Some complainants believed that the article was inaccurate because it presented the EU as doing something “underhand or unfair”. The Editors’ Code of Practice makes clear the press has the right to be partisan, to give its own opinion and to campaign, as long as it takes care not to publish inaccurate, misleading or distorted information, and to distinguish between comment, conjecture and fact. The article included critical commentary from several individuals about the changes and the decisions by the EU, including comments by the Brexit Minister Lord Frost describing them as “unsustainable”, and another comment describing it as “obscene and a disgrace that bureaucrats in Brussels are thinking there is something potentially illegal or wrong with M&S lasagne.” We understand that some complainants disagreed with these opinions, but the publication was entitled to report these critical comments, which were distinguished as such; this did not constitute grounds to investigate a possible breach of Clause 1.

A few complainants also said the article breached Clause 12 (Discrimination) because they considered it blamed Europeans for price rises instead of the UK Government, and stirred up anti-European feelings. Clause 12 is designed to protect specific individuals mentioned by the press from discrimination based on their race, colour, religion, gender identity, sexual orientation or any physical or mental illness or disability. It does not apply to groups or categories of people. Concerns that the article discriminated against Europeans in general did not relate to an individual. This meant that the terms of this Clause were not engaged..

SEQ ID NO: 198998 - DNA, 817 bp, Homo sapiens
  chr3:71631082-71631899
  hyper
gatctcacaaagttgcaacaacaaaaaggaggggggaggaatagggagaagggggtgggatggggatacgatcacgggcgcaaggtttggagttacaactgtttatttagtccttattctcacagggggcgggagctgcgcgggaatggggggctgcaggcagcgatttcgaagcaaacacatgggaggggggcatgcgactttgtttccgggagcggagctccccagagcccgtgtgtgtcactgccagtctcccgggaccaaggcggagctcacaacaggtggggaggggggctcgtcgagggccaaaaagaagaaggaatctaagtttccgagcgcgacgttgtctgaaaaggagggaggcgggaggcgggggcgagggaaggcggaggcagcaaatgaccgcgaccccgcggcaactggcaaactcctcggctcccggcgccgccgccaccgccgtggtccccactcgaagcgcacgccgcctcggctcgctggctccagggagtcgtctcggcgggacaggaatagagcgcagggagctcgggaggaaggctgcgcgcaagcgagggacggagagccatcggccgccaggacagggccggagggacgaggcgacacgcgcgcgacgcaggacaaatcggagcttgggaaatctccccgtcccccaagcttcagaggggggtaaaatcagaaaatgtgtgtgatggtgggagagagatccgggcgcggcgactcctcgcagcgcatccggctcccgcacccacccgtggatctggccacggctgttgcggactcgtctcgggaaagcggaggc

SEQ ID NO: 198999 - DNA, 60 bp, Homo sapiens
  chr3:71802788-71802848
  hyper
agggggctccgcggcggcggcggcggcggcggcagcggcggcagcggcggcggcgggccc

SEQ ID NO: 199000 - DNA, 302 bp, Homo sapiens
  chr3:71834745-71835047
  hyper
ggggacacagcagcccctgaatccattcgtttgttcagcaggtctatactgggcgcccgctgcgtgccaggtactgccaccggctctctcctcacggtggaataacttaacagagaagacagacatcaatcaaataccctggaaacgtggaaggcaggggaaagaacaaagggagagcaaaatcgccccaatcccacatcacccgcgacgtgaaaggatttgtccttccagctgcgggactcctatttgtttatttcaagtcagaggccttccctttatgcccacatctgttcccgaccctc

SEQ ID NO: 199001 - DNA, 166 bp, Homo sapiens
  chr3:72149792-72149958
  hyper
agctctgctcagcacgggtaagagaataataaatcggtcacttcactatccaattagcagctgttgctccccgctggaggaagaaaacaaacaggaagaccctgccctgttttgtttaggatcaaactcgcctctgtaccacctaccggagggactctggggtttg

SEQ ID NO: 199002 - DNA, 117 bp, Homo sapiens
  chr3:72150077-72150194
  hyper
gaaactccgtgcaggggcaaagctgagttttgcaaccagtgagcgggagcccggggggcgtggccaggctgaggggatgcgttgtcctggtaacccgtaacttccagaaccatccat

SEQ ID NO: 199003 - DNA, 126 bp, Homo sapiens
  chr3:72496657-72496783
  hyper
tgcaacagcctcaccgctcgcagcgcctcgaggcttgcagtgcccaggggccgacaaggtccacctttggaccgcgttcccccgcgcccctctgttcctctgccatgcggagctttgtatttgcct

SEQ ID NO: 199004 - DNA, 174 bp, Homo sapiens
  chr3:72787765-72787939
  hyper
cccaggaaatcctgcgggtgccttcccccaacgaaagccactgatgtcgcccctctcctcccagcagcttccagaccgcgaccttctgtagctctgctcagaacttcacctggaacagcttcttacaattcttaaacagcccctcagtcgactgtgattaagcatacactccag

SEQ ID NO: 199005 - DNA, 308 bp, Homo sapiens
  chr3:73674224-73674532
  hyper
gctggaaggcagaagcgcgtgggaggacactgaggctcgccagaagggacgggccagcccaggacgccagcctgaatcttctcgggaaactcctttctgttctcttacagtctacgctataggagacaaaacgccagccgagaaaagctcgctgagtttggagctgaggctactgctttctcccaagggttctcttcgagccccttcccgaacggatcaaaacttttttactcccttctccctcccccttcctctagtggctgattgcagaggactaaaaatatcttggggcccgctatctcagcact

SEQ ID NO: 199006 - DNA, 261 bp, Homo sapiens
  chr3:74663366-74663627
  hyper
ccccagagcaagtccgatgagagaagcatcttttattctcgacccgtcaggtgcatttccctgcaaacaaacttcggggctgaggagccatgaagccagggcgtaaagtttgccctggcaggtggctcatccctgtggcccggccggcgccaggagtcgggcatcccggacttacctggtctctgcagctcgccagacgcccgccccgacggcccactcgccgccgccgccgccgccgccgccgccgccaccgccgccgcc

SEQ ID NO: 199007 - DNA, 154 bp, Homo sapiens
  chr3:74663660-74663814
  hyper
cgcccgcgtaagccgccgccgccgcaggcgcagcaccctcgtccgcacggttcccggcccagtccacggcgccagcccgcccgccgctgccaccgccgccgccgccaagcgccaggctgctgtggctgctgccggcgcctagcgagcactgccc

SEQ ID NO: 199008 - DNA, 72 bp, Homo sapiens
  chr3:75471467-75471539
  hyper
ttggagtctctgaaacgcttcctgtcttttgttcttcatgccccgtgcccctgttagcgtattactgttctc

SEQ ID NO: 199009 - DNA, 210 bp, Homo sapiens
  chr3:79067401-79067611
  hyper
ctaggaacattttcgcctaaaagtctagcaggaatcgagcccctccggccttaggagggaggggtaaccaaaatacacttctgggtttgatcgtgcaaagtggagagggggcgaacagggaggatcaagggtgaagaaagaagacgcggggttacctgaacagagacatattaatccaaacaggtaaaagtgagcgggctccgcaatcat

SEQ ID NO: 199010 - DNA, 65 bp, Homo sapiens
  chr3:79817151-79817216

A few complainants also said the article breached Clause 13 (Financial journalism) because they believed it suggested British people are financially disadvantaged due to new EU policy; despite the EU regulations pre-existing before Brexit. Clause 13 relates to journalists not using for their own, or other’s profit, financial information they receive in advance of its general publication. As complaints did not relate to this, the terms of the Clause were not engaged.

You are entitled to request that the Executive’s decision to reject your complaint be reviewed by IPSO’s Complaints Committee. To do so you will need to write to us in the next seven days, setting out the reasons why you believe the decision should be reviewed. Please note that we are unable to accept requests for review made seven days after the date of this email.

We would like to thank you for giving us the opportunity to consider and respond to the points you have raised.

Best wishes,

Molly Richards

Letter to Australia

The letter I sent to the Australian Prime Minister

The Hon Scott Morrison MP
Prime Minster of Australia
1st June 2021

Dear Prime Minister

If news reports are to be believed, your country is about to agree a trade deal with the UK, something which is only possible because of Brexit.